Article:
Tag Archives: cars

Traffic Jamming

There are times when the words won’t come out, when the fingers punching the keyboard can’t produce what the mind desires.

There are times when excessive commitments from work or social life take away any opportunity to write.

And then there are times when you hear about a nine-day traffic jam in China and the thrill of absurdity and inexplicability knocks down any considerable blogging obstacle.

So, did you hear about the traffic jam?

The one that’s lasted for, oh, about nine days. NINE FREAKING DAYS. People have been caught in traffic. Not moving. In their cars. FOR NINE DAYS.

That’s six days longer than the Isner, Mahut zombie match, longer than “Ben-Hur” and only a day shorter than the average checkout line at Wal-Mart.

And it’s actually still happening, all of it on a road connecting Beijing to inner Mongolia. The armada of cramped, immovable cars stretches for more than 60 miles.

I’ve never been to China, but I’ve read about the driving and the roads and the congestion from the author Peter Hessler. It’s grating. The best way to describe its insanity and mind-warping annoyance is this: Picture the worst traffic you’ve experienced and multiply it by 735, add thicker-than-L.A. smog, an alarming number of Volkswagens, bad tires, and a lack of passion for the well-being of an automobile, and then pretend that in addition to those variables you also have Dane Cook sitting next to you in the passenger seat.

Yeah, it’s that bad. This time it became worse because in addition to the usual problems, there was also construction. Yes, construction. A few oranges cones and cranes have led to a nine-day and counting headache.

Reports say people are playing cards to pass the time and sleeping in their cars. Food comes from vendors who are gouging the unfortunate drivers. But these stories aren’t nearly enough in-depth. This is the biggest event in weird news history. There should be on-the-clock CNN reporting*. So many questions are unanswered.

*Perhaps if there were a balloon boy hovering above, CNN would increase its coverage.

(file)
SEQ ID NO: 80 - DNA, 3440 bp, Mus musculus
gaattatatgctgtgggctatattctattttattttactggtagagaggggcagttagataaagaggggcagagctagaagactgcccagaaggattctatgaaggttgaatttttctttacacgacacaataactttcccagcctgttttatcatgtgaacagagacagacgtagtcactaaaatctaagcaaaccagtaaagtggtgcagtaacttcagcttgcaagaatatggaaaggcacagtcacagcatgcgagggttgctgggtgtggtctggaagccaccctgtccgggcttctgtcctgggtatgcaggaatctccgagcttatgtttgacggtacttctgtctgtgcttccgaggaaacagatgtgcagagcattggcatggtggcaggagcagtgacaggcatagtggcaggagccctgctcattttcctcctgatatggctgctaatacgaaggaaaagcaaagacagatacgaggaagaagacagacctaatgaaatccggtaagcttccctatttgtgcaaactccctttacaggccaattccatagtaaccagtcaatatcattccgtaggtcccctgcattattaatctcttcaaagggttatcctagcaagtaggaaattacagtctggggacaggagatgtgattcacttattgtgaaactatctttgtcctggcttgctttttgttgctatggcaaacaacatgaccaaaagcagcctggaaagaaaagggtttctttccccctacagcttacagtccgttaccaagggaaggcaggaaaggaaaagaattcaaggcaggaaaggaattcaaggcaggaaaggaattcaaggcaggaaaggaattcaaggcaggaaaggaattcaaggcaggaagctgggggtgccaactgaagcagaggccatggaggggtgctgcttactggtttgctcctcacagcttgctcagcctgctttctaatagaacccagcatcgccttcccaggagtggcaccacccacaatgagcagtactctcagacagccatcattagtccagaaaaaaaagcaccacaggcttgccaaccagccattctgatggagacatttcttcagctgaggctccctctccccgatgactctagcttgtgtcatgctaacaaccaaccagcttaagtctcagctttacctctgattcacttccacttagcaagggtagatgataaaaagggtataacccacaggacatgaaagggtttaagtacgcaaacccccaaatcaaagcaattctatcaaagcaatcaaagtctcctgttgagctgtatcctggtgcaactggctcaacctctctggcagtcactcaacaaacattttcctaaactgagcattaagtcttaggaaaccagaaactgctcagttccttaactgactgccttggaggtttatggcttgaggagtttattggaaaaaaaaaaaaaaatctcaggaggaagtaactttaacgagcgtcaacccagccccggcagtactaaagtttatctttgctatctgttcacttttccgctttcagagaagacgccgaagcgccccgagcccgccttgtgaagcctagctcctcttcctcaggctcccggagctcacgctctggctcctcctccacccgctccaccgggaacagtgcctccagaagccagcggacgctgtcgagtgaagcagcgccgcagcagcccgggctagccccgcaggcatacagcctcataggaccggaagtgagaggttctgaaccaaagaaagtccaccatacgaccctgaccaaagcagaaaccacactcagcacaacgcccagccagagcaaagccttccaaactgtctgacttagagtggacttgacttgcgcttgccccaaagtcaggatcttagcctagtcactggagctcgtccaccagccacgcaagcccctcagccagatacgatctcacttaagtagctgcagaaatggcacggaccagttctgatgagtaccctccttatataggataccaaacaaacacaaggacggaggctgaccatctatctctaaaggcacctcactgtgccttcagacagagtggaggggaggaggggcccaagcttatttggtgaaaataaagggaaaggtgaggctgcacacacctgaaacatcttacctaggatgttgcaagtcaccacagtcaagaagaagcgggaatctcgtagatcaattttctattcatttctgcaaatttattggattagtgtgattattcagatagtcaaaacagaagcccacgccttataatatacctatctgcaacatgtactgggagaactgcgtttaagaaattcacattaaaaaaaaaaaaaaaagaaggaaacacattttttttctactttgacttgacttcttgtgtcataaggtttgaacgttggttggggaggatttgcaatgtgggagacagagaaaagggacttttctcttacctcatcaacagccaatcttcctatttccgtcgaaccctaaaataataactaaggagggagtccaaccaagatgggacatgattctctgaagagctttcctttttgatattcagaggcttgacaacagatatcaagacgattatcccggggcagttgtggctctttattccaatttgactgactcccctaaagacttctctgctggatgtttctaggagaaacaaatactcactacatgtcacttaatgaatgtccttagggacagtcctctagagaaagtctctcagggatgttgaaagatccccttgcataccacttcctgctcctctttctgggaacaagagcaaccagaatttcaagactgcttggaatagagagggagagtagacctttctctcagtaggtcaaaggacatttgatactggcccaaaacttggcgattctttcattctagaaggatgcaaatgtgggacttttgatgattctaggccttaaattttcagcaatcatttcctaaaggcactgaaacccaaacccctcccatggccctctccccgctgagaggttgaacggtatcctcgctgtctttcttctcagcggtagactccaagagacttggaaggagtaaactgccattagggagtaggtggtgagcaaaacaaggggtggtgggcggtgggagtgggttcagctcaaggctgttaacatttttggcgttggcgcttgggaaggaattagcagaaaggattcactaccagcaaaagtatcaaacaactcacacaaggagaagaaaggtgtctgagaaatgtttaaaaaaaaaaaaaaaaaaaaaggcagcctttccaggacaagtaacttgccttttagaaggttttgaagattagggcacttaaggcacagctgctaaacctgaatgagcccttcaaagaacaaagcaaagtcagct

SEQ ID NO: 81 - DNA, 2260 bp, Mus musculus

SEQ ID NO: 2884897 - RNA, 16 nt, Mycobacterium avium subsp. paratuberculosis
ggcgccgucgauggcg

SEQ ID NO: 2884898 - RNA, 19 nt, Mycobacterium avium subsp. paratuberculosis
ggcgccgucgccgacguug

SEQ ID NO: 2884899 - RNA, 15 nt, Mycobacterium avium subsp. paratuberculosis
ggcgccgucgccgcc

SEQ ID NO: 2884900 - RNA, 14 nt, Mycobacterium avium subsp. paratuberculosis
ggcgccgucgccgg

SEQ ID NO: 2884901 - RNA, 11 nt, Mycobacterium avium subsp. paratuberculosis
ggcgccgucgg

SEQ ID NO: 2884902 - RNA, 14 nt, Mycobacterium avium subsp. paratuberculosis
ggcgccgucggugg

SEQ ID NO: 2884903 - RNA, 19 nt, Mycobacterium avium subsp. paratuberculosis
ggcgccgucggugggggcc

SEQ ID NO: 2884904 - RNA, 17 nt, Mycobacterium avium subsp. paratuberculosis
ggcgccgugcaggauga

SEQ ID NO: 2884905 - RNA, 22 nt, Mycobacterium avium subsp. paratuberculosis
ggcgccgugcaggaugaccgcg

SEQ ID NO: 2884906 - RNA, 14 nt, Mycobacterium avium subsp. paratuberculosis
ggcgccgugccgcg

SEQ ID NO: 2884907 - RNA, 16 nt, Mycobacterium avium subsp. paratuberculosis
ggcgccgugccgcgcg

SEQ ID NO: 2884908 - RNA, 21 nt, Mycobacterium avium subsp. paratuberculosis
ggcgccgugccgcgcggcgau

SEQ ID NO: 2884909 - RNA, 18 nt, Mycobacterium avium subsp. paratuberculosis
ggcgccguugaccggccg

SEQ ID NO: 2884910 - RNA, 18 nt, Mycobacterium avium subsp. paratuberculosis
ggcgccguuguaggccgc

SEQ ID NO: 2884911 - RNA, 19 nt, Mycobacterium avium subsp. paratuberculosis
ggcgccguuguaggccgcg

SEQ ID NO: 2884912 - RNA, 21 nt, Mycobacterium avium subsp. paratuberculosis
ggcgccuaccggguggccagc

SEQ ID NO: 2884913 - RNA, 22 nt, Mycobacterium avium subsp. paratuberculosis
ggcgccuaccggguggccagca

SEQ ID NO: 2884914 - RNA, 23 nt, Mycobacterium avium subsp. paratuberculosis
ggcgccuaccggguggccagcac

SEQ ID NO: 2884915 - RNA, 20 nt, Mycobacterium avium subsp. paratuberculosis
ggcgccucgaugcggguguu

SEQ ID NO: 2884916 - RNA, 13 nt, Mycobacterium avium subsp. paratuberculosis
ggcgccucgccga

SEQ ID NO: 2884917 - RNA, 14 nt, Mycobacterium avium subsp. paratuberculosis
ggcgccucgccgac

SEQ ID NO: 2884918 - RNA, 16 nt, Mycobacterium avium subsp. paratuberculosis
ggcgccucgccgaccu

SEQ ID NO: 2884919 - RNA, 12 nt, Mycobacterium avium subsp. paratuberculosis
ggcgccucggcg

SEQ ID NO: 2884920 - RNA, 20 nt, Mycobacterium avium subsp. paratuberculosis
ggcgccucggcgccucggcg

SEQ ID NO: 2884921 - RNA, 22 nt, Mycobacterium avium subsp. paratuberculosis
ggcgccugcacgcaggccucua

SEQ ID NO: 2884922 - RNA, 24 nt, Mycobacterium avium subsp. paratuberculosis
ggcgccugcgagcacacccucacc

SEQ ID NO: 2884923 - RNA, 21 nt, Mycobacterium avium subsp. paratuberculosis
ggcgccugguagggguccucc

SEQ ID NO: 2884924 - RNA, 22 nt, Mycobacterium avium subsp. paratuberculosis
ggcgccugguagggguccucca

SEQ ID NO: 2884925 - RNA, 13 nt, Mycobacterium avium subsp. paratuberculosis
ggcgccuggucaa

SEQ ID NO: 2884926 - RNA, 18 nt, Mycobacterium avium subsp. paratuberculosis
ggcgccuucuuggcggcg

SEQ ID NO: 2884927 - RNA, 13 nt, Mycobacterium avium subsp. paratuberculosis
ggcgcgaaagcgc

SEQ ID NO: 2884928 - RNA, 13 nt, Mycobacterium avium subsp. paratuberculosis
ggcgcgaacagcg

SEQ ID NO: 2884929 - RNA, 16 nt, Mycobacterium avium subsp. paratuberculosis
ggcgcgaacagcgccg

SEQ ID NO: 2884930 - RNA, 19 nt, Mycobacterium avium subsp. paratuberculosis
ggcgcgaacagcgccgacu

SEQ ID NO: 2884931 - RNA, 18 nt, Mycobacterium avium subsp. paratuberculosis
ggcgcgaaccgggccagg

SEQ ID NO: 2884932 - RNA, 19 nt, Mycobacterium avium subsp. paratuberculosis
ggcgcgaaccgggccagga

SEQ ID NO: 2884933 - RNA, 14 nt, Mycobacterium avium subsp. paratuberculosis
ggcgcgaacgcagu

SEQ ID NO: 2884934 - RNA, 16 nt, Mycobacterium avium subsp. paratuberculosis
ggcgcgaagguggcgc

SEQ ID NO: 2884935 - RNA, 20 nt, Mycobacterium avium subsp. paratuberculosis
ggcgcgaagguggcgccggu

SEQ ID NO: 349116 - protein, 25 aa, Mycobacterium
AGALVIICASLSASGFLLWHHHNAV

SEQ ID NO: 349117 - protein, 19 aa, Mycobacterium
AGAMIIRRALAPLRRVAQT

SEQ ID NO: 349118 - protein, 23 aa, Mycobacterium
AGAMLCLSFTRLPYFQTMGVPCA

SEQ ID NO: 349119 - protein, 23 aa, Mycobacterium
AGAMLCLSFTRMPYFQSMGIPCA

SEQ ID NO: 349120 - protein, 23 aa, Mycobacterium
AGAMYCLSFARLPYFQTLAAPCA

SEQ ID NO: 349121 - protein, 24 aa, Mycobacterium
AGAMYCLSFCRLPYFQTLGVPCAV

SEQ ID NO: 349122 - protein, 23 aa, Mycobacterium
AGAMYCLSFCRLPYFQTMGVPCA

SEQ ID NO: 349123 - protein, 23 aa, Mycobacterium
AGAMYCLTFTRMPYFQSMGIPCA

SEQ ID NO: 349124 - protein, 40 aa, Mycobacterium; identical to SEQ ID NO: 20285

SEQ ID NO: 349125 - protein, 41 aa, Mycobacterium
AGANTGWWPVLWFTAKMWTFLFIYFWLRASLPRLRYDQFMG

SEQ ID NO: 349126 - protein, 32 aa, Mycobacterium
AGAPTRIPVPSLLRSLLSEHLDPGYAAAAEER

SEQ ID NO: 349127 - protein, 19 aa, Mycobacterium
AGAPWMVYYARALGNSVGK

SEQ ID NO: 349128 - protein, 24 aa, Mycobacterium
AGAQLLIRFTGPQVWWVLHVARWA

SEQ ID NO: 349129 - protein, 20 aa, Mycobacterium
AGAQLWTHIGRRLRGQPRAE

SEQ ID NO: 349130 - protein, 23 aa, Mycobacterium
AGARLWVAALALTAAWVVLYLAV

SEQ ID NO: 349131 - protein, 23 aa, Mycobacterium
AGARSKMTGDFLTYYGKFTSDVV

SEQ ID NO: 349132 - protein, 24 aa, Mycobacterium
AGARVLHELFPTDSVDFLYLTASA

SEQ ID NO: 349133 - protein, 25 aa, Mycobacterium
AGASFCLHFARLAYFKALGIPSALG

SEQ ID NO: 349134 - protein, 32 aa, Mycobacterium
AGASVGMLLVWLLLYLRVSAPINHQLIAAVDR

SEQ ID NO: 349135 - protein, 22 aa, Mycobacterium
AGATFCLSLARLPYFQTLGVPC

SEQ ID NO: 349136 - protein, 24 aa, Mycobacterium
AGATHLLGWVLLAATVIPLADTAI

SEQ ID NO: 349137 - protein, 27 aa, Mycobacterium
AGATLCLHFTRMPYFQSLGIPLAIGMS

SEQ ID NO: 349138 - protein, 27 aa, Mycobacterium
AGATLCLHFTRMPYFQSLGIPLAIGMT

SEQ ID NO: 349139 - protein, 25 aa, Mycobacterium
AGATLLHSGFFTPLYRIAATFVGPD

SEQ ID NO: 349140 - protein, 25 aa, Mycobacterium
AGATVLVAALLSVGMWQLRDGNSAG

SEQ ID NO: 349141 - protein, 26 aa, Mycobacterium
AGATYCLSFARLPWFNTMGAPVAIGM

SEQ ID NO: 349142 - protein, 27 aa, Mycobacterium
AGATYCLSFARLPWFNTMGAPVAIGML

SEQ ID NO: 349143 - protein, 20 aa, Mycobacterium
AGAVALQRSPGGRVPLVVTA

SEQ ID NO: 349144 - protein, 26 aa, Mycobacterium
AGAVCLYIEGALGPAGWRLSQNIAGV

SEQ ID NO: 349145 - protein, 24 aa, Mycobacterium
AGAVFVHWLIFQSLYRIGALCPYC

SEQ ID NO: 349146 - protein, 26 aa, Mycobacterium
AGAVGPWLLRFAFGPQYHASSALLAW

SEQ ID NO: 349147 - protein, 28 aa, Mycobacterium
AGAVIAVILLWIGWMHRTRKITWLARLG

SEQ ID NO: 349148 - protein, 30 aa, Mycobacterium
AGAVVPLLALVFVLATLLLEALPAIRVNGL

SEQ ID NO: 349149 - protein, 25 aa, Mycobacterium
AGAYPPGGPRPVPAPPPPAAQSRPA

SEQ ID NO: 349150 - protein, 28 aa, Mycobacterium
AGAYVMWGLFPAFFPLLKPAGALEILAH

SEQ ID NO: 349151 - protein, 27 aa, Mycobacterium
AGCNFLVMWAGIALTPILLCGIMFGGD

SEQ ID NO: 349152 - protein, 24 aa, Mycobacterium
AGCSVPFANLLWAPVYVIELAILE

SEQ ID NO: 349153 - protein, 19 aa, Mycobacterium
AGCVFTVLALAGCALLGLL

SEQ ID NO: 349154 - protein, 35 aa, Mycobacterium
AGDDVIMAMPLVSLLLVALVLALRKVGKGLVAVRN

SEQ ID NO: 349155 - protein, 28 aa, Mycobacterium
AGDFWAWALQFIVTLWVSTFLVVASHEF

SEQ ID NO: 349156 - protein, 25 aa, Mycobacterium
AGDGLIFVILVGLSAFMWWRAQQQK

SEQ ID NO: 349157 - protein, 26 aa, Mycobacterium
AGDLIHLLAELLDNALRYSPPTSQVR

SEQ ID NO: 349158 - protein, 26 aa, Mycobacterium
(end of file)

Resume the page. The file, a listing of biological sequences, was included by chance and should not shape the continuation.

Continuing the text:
What have people been listening to on the radio?

What if someone left behind his or her cell phone at home that day?

What if you were driving back from a first date?

What do you tell your boss?*

Sorry Bob, not going to be able to make it in today, tomorrow, Wednesday, Thursday, Friday, next Monday, next Tuesday, next Wednesday or next Thursday.

What if you had to go to the bathroom?

What if your air conditioner was broken?

At what point did drivers decide to put the car in park and rest their legs. Or is there still a driver out there with his car on, keeping his foot on the brake pedal and thinking that at any second the flow of traffic could resume?

Even without stories, we know this would be an absolute nightmare. Besides Dane Cook, there are few nuisances in our society worse than traffic. A famous scene in “Office Space” displays our cultural opinion.

Either the bald guy or Michael Bolton is on his way to work. I think it’s the bald guy. Anyways, his lane stops moving so he switches into another that is moving. That lane stops. His former lane starts moving. He switches back. That one stops. He screams, he pounds his steering wheel and that, my friends, is traffic.

But this, this Chinese ordeal, isn’t traffic. It’s beyond that. It really isn’t even a nightmare. Nightmares contain bits of reality. This can’t be real. Our imaginations can’t wander far enough to create such implausible, lasting chaos.

I remember getting stuck in traffic for two and a half hours last fall. There was no construction and no accident. It was just plain ol’ Texas confusion! And it sucked. My IPod shuffle saved the last piece of my sanity.

I can also think of the worst traffic I’ve seen. It was in Cairo. A main avenue was fraught with honking cars and a whole lot of random vehicles, like horse-drawn carriages and makeshift buses where people sat on top of the roof and hung out doors and stopped wherever the quote-un-quote bus driver felt like stopping. There was even a guy in a sweatsuit running in the middle of the road. I’d never seen anything like it.